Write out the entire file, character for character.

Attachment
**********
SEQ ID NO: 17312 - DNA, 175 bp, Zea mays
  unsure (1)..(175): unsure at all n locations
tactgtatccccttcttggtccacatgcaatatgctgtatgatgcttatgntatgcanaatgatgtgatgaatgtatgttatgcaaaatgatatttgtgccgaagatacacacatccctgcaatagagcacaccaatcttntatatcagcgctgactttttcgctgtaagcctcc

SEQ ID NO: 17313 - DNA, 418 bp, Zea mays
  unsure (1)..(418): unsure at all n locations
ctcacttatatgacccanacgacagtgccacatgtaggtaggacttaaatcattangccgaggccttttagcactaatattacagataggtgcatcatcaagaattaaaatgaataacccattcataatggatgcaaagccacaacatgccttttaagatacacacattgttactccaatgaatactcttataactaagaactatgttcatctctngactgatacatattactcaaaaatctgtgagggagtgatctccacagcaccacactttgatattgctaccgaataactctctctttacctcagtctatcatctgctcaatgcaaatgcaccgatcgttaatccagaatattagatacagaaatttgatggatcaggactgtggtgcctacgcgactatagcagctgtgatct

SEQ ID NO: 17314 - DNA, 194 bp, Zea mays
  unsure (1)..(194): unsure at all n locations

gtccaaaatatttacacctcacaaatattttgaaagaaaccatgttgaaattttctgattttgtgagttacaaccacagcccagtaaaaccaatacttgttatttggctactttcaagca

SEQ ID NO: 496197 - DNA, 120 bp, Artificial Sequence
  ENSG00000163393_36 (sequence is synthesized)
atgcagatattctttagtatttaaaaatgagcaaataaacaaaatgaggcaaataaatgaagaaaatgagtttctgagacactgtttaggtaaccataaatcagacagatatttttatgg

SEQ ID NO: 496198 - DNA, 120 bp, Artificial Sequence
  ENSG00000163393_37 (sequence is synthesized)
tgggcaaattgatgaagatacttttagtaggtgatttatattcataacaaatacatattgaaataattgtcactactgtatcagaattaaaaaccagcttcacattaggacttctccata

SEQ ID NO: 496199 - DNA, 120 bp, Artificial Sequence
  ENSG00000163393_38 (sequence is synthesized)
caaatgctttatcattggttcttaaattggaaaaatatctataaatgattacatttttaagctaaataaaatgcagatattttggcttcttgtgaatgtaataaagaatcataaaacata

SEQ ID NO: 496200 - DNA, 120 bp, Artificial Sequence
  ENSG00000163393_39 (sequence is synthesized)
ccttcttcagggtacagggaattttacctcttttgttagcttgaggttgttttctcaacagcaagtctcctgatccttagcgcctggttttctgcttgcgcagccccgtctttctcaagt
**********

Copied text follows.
SEQ ID NO: 17312 - DNA, 175 bp, Zea mays
  unsure (1)..(175): unsure at all n locations
tactgtatccccttcttggtccacatgcaatatgctgtatgatgcttatgntatgcanaatgatgtgatgaatgtatgttatgcaaaatgatatttgtgccgaagatacacacatccctgcaatagagcacaccaatcttntatatcagcgctgactttttcgctgtaagcctcc

SEQ ID NO: 17313 - DNA, 418 bp, Zea mays
  unsure (1)..(418): unsure at all n locations
ctcacttatatgacccanacgacagtgccacatgtaggtaggacttaaatcattangccgaggccttttagcactaatattacagataggtgcatcatcaagaattaaaatgaataacccattcataatggatgcaaagccacaacatgccttttaagatacacacattgttactccaatgaatactcttataactaagaactatgttcatctctngactgatacatattactcaaaaatctgtgagggagtgatctccacagcaccacactttgatattgctaccgaataactctctctttacctcagtctatcatctgctcaatgcaaatgcaccgatcgttaatccagaatattagatacagaaatttgatggatcaggactgtggtgcctacgcgactatagcagctgtgatct

SEQ ID NO: 17314 - DNA, 194 bp, Zea mays
  unsure (1)..(194): unsure at all n locations

gtccaaaatatttacacctcacaaatattttgaaagaaaccatgttgaaattttctgattttgtgagttacaaccacagcccagtaaaaccaatacttgttatttggctactttcaagca

SEQ ID NO: 496197 - DNA, 120 bp, Artificial Sequence
  ENSG00000163393_36 (sequence is synthesized)
atgcagatattctttagtatttaaaaatgagcaaataaacaaaatgaggcaaataaatgaagaaaatgagtttctgagacactgtttaggtaaccataaatcagacagatatttttatgg

SEQ ID NO: 496198 - DNA, 120 bp, Artificial Sequence
  ENSG00000163393_37 (sequence is synthesized)
tgggcaaattgatgaagatacttttagtaggtgatttatattcataacaaatacatattgaaataattgtcactactgtatcagaattaaaaaccagcttcacattaggacttctccata

SEQ ID NO: 496199 - DNA, 120 bp, Artificial Sequence
  ENSG00000163393_38 (sequence is synthesized)
caaatgctttatcattggttcttaaattggaaaaatatctataaatgattacatttttaagctaaataaaatgcagatattttggcttcttgtgaatgtaataaagaatcataaaacata

SEQ ID NO: 496200 - DNA, 120 bp, Artificial Sequence
  ENSG00000163393_39 (sequence is synthesized)
ccttcttcagggtacagggaattttacctcttttgttagcttgaggttgttttctcaacagcaagtctcctgatccttagcgcctggttttctgcttgcgcagccccgtctttctcaagt